Can I make my own cage for my gliders? 

Lots of people choose to make their own cages, doing this means that they can get the specific size and dimensions that they want. If making your own cage avoid using wood or metal mesh as many of them can be toxic and eventually lead to the death of your gliders. The best materials for building cages is PVC piping (Home Depot sells grey plastic electrical conduit in 10' lengths that work well) and plastic mesh, also known as Hardware Mesh (this can be found at Home Depot in the garden fencing section). You can find tutorials online with building plans like the one linked. Keep in mind that these cages do tend to hold the smell a little more after a time as the plastic does absorb it. They can also be more costly to build then one might expect averaging $100+ for a decent size. The PVC 3-way fittings can also be tricky to find in Canada and are used mostly in green house gardening, not your typical plumbing departments. 

Coated wire mesh linen/laundry shelving has also been used successfully to make cages. Just be sure it has 1/2" spacing like this here Mesh Shelf. It can be trickier to cut and make doors for and is quite heavy when it comes to cleaning, but there are people that use them and it is safe. You can find pictures on Pintrest and a few YouTube videos for them. 

What does my glider need in it's cage?

Wheels are the number one most important thing that we will ever put into our gliders cage (other then food and water of course, lol). Having a glider safe, time tested, reliable wheel is paramount to a gliders health and well being. In the wild sugar gliders are tirelessly moving about foraging for food which keeps them fit and provides excellent exercise. In captivity we need to provide them with a safe wheel so that they have something they can use to burn up energy and stay fit and active, keeping them healthy. Safe wheels for sugar gliders cannot be found in your average pet store. Sugar gliders have a very different gait then the average small animal, they leap and jump rather then just run. Partner that with their long curling tail and patagium (gliding membrane) and you have a recipe for disaster in a typical wheel. Over a decade ago a few Sugar glider enthusiasts started working on safe alternatives after countless injuries from Pet store variety wheels. These wheels are not mass produced in factories, but made by hand from sugar glider vendors. Wheels from makers like SpinZone Global sold HERE in Canada and My Glider Wheels and More, Custom Choice Cruisers in the US are known to last nearly the life of your glider so it is a worthwhile investment, since you should likely only have to do it once.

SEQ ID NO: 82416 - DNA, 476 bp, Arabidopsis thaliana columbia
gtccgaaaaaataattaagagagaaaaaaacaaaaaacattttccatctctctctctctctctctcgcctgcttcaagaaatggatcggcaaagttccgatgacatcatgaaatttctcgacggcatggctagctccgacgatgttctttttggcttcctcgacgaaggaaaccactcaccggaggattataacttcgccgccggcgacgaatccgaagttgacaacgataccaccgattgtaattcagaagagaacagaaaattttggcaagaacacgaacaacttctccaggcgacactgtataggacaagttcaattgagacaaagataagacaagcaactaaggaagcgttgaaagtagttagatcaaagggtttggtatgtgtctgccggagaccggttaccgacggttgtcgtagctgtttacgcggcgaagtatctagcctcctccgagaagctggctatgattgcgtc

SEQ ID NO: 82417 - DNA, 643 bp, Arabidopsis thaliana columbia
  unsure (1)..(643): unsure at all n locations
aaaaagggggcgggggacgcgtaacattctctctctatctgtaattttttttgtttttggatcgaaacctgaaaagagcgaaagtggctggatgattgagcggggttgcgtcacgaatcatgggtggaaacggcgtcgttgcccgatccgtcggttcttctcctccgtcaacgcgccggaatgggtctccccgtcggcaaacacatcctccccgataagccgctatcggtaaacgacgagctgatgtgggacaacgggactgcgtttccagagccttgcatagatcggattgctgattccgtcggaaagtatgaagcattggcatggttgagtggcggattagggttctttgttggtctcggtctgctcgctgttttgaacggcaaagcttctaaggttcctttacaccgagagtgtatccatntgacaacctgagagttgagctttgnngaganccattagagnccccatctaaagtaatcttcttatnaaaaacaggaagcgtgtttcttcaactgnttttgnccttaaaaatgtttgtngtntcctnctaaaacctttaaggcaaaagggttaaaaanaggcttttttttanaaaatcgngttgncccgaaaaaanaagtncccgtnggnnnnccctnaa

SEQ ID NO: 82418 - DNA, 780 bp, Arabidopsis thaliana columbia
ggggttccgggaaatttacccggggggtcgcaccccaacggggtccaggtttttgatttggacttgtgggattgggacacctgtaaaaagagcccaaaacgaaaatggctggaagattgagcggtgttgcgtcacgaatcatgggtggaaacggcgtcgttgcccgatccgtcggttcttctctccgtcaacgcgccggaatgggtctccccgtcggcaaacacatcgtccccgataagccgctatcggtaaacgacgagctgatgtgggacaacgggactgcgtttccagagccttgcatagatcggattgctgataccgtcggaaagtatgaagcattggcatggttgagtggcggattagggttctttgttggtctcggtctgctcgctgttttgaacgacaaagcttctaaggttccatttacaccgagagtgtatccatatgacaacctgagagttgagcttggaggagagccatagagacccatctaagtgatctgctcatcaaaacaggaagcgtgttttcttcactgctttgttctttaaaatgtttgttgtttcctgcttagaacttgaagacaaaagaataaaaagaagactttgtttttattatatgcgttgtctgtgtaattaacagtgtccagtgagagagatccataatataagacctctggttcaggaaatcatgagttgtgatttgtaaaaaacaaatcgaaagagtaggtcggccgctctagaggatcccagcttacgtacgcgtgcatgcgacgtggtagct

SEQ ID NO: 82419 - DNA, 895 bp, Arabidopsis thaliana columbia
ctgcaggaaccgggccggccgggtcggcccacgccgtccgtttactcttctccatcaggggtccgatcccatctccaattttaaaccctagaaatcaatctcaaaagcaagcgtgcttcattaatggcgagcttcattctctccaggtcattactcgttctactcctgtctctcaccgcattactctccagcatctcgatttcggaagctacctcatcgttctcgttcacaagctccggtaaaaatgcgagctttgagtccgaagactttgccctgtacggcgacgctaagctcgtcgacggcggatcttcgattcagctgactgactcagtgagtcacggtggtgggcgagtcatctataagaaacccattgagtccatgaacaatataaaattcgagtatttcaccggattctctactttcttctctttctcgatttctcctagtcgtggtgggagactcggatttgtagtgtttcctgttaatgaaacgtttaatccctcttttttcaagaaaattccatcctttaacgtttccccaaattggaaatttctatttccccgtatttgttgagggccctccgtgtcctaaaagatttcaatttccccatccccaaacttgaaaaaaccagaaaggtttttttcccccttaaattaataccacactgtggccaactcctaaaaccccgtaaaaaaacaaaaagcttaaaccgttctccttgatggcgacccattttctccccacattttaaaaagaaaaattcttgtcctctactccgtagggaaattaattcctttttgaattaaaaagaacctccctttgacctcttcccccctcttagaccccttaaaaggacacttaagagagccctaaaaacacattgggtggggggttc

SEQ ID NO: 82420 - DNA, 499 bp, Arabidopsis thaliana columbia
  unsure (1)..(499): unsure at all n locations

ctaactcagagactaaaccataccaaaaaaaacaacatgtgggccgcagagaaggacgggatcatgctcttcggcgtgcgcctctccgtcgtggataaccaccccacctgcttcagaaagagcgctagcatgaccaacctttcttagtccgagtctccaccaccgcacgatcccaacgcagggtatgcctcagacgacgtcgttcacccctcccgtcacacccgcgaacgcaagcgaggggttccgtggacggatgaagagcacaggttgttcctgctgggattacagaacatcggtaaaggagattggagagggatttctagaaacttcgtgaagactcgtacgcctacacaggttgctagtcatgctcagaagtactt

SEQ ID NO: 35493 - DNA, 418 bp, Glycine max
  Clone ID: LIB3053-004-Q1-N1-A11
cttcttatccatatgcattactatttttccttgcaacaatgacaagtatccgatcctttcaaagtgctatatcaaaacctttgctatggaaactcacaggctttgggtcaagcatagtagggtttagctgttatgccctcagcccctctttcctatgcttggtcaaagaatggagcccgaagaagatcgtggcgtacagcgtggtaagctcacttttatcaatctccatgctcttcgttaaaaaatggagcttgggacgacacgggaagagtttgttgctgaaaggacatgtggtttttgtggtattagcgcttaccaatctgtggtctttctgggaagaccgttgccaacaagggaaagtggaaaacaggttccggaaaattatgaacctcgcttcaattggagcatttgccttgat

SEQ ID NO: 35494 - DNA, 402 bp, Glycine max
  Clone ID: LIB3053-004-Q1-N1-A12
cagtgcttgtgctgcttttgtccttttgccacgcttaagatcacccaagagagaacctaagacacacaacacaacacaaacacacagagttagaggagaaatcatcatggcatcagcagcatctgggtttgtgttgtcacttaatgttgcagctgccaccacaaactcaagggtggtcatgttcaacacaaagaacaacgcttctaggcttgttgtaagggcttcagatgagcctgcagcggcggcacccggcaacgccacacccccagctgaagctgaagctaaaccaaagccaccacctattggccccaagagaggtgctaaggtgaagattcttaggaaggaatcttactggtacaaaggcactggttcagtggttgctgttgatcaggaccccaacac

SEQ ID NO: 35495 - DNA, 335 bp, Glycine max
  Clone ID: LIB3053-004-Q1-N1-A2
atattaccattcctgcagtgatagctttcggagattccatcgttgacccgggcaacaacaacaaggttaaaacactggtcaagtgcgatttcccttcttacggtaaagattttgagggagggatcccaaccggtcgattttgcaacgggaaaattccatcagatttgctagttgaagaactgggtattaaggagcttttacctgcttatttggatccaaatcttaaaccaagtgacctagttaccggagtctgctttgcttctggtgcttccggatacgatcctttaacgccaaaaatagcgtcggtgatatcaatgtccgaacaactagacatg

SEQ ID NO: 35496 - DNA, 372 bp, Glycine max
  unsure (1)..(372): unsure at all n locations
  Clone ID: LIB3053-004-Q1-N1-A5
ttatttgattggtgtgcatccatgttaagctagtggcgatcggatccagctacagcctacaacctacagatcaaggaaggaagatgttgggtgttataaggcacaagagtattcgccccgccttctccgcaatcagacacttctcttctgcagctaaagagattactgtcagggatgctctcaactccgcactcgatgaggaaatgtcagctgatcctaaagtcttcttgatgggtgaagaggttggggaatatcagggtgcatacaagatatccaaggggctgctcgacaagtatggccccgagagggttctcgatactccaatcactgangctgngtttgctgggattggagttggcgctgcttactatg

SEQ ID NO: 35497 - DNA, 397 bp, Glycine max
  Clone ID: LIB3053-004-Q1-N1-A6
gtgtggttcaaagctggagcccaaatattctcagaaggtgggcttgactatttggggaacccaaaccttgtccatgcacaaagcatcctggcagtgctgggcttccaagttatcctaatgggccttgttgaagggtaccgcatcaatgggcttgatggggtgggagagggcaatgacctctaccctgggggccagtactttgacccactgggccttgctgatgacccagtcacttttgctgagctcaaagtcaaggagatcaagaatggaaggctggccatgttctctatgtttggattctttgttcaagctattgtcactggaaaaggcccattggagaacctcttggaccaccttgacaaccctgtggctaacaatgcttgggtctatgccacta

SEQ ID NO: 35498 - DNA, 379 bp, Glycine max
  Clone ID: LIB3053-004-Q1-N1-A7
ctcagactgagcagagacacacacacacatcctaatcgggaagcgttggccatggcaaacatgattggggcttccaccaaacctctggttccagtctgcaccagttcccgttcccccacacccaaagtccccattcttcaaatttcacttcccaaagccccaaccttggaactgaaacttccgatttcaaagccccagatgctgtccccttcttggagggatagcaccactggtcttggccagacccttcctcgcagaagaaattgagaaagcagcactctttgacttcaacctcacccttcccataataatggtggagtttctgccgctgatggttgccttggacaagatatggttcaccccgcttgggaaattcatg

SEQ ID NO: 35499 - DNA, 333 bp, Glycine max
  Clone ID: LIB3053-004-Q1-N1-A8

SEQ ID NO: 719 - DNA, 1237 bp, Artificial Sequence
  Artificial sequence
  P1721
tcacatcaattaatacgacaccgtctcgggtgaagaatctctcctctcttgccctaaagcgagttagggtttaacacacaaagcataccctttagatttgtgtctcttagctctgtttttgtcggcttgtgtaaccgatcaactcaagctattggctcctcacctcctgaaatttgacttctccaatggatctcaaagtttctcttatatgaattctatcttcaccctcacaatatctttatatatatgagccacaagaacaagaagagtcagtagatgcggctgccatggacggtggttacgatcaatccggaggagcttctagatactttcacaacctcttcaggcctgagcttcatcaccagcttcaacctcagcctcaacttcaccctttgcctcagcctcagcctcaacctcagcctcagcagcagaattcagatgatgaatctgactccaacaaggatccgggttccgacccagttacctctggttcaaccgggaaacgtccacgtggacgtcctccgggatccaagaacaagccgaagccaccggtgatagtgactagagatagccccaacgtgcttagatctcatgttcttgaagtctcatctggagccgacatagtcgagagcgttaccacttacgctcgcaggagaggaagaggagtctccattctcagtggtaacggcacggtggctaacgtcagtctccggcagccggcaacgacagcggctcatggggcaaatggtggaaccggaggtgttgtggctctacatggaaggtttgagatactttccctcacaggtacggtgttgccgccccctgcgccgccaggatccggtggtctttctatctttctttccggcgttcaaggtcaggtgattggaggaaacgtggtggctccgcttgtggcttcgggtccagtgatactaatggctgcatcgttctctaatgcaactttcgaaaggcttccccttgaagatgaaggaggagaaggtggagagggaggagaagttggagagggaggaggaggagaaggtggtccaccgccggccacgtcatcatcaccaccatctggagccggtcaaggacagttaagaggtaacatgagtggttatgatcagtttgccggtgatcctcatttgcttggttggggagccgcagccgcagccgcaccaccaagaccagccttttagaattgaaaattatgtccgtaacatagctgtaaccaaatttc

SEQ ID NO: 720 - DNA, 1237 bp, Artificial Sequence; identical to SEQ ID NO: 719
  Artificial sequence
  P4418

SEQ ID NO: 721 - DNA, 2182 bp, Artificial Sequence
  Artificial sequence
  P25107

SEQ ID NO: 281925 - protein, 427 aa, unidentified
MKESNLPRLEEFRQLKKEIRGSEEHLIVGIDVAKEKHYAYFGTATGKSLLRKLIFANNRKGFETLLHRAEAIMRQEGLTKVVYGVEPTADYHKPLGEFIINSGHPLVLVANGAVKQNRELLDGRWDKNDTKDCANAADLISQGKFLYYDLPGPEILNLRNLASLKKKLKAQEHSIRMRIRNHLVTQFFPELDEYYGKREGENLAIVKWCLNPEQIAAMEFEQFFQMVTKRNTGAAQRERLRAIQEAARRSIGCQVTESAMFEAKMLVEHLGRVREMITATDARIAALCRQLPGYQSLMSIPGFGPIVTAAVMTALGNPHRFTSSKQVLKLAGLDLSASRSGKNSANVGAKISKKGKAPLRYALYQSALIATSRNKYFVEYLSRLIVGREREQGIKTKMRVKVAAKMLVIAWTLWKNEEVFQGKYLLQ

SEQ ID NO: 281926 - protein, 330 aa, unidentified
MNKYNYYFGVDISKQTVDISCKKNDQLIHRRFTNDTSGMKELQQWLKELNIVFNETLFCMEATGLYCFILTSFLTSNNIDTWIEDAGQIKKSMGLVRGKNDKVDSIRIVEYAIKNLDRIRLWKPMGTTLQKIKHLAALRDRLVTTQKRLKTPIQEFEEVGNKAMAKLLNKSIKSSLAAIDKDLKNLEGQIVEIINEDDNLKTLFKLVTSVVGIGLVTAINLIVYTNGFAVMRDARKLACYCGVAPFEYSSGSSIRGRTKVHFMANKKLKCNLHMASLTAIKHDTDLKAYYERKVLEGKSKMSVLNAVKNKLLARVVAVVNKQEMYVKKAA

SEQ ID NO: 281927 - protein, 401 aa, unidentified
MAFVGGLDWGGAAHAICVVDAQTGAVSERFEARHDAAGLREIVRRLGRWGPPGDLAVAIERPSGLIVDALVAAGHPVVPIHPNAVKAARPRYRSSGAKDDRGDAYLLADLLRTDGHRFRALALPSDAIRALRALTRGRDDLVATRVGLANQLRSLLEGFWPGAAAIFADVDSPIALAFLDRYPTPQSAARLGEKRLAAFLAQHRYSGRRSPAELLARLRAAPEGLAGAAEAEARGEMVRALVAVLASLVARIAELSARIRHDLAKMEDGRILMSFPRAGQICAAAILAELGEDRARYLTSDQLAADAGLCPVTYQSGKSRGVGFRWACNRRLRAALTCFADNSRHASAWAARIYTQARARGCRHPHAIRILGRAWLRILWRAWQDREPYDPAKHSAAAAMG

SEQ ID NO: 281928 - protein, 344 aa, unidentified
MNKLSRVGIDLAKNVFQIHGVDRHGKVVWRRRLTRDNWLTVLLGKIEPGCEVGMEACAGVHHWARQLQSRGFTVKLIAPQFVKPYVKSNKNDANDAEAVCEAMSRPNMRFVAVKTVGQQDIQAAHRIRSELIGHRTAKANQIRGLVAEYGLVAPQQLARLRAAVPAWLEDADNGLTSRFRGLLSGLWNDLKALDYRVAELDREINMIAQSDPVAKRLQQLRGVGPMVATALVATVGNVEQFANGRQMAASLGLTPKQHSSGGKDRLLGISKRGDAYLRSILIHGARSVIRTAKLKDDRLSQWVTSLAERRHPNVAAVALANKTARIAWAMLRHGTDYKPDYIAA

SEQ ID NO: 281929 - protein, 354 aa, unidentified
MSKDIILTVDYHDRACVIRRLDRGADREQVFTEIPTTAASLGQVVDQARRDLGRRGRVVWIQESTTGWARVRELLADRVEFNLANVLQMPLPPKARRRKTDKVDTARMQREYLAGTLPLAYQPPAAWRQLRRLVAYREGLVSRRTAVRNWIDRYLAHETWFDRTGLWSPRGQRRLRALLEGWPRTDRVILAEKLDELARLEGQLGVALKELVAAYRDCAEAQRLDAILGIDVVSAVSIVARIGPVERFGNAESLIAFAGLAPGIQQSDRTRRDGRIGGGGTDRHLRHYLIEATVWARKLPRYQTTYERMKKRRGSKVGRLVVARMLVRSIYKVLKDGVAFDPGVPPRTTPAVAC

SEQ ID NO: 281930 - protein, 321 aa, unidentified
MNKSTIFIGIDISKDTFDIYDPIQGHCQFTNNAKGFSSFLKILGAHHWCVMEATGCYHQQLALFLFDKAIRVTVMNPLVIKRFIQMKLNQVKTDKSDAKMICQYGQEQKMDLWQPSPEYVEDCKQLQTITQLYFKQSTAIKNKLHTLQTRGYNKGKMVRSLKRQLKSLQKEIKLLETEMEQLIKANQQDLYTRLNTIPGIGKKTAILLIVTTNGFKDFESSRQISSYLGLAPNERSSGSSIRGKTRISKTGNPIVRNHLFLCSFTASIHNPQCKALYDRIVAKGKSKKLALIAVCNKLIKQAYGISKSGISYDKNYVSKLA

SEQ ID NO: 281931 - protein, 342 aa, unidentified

Other then a wheel you'll want to make sure that you have a sleeping pouch or 2 in the cage at all times as they like to nestle up to sleep. A few enriching toys to rotate in your cage as gliders are especially smart and enjoy a challenge when playing. There are lots of great plastic bird or toddler toys that work well, making your own toys can be a lot of fun or purchasing pre-made glider toys like these HERE When buying toys (especially bird toys) make sure that there are no ropes or strings as those are very easy for toes/limbs/tails to get caught up in and cause injury. Toys hanging from ropes can be replaced with braided fleece for safety. Having hammocks or bridges for them to hang out on, eat a treat or take a break is a good idea.  

What do I put on the bottom of my cage?

Ideally you will have a cage with a grated bottom and drop pan for anything (food, waste, etc) to fall through for easy cleaning. Some people keep commercial products like equine pellets or yesterdays news (paper pellets) in the bottoms because they find that it helps reduce smell (it may or may not). You can also use a piece of fleece that you remove and wash regularly or keep them empty and just wipe them out daily. I find that newspaper works quite well for easy removal every couple of days and less work with cleanup. NEVER use wood shavings (there are a couple of kiln dried brands that are said to be ok, but I personally wouldn't risk it) as many can be toxic to gliders and could cause respiratory issues.   

Can gliders be potty trained?

Sugar Gliders are arboreal and living in trees means that their instinct is to just let things fall whenever they need to go. You need to realize that there will be constant little messes to clean up from them and they will even make a point of urinating on you to mark you as their own. Like us, when they awake from sleeping they usually need to potty very soon, so it is possible to get them used to going on a paper towel or over the sink if you pull them directly from their cage and hold them over something while they wake up and go. This is something you will want to wait until you are bonded with your glider to try so that they don't run from you. Keep in mind though, that while out playing they will still need to potty sporadically and you won't usually be given any notice, so in most cases they are going to make messes throughout the area they are playing in. 

Are gliders expensive to keep?

The initial set up for your gliders (Cage, water bottle, food dishes, wheel, cage sets, toys) can be costly and you want to have at least a few hundred dollars on hand to get set up. Once you are though, food costs are relatively inexpensive and other then being sure to have an emergency vet fund on hand, you can expect to spend less then $50 a month to house a pair of gliders. 

 

Health/Anatomy 

Is a sugar glider a rodent?

No, they are not. A sugar glider is a Marsupial that carries their young in a pouch like a Koala Bear, Kangaroo or the Tasmanian Devil.